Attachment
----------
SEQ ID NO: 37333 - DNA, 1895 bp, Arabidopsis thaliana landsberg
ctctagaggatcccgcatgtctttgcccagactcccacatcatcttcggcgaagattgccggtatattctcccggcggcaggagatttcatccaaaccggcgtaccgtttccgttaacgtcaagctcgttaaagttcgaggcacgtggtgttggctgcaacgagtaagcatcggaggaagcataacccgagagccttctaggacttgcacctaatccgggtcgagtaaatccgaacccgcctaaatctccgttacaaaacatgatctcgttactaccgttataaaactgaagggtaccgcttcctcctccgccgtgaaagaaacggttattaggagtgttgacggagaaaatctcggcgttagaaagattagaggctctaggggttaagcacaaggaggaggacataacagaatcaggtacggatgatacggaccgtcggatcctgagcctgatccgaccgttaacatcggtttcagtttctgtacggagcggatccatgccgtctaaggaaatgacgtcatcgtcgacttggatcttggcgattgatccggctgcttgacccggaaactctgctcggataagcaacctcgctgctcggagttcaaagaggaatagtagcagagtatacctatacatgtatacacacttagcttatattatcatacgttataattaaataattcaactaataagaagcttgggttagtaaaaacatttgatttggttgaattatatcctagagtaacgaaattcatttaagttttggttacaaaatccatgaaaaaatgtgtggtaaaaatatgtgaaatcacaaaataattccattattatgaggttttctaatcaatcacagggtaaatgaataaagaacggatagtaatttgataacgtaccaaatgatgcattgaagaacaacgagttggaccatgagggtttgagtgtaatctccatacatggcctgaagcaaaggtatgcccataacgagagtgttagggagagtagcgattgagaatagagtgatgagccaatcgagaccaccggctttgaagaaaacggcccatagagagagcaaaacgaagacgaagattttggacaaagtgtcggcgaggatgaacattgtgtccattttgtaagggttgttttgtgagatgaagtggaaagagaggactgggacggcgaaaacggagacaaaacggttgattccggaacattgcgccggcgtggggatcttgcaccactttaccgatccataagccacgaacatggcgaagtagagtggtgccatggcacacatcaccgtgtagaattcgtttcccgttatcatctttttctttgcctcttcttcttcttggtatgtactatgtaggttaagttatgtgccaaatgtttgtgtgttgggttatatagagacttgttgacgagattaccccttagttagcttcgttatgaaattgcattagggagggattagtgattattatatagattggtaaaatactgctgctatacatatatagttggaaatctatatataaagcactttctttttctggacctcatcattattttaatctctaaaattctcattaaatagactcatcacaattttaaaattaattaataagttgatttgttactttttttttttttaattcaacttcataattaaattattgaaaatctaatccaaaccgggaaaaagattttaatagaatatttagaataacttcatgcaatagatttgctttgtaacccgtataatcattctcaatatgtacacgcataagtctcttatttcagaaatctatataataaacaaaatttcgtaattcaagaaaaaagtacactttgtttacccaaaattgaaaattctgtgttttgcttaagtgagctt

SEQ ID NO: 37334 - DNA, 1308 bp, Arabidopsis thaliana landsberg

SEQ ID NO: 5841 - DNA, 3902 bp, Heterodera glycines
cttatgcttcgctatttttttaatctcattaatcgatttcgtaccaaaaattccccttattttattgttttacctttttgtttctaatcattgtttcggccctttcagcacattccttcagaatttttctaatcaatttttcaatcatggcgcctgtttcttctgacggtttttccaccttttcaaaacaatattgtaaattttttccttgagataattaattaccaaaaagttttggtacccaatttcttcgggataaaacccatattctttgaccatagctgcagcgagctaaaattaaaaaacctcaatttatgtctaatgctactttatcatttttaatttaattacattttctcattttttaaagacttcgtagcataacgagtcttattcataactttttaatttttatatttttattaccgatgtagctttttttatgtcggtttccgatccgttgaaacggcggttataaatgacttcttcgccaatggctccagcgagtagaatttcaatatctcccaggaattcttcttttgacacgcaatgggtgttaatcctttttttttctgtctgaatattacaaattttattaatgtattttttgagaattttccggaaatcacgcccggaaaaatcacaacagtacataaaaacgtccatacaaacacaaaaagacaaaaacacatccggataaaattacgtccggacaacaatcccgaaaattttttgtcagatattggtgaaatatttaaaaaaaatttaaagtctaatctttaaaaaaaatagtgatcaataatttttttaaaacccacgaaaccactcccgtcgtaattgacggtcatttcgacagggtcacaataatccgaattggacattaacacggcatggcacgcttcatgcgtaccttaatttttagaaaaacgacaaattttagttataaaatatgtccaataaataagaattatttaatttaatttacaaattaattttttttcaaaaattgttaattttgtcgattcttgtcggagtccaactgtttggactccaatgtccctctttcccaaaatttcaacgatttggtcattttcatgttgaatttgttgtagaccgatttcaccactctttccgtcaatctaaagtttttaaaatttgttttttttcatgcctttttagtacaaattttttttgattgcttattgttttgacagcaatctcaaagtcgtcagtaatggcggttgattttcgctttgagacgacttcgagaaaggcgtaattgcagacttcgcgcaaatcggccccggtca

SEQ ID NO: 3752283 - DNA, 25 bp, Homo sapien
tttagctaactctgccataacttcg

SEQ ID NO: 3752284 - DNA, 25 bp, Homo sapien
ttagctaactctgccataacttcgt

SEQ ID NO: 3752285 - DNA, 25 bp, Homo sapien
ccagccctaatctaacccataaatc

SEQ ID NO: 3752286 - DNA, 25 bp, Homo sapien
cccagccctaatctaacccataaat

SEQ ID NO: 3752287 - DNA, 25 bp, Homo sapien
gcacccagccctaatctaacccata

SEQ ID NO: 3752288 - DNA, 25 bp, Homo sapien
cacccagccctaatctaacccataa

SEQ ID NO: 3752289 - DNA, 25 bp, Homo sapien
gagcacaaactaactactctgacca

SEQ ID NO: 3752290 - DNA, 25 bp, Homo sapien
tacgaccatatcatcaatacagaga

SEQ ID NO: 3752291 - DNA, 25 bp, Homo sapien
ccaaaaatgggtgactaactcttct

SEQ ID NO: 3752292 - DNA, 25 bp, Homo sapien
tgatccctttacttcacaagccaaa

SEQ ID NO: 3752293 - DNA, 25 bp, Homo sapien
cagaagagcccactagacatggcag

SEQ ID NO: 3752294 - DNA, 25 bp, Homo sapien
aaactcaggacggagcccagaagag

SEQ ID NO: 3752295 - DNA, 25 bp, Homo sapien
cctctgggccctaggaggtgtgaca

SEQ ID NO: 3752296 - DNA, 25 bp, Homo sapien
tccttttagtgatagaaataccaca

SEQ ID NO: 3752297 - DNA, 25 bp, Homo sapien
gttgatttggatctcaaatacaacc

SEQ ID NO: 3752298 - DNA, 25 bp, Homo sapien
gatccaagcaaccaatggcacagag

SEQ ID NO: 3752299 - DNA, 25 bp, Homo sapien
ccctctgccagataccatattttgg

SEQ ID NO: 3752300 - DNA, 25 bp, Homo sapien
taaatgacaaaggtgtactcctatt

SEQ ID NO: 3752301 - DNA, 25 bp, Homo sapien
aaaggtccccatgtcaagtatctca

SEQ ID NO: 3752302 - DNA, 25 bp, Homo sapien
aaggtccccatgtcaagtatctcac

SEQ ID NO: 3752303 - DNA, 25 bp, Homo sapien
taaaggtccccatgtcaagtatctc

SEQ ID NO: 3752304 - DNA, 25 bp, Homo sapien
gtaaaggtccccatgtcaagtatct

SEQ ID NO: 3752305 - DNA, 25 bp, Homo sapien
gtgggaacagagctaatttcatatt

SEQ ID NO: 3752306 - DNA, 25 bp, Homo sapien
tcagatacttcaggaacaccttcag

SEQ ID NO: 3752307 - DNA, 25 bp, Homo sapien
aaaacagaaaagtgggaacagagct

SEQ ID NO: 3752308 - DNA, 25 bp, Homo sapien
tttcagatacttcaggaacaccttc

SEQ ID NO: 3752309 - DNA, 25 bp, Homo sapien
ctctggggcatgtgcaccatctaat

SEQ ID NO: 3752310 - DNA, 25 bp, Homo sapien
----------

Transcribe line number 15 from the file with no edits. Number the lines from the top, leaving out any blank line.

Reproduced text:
gcacccagccctaatctaacccata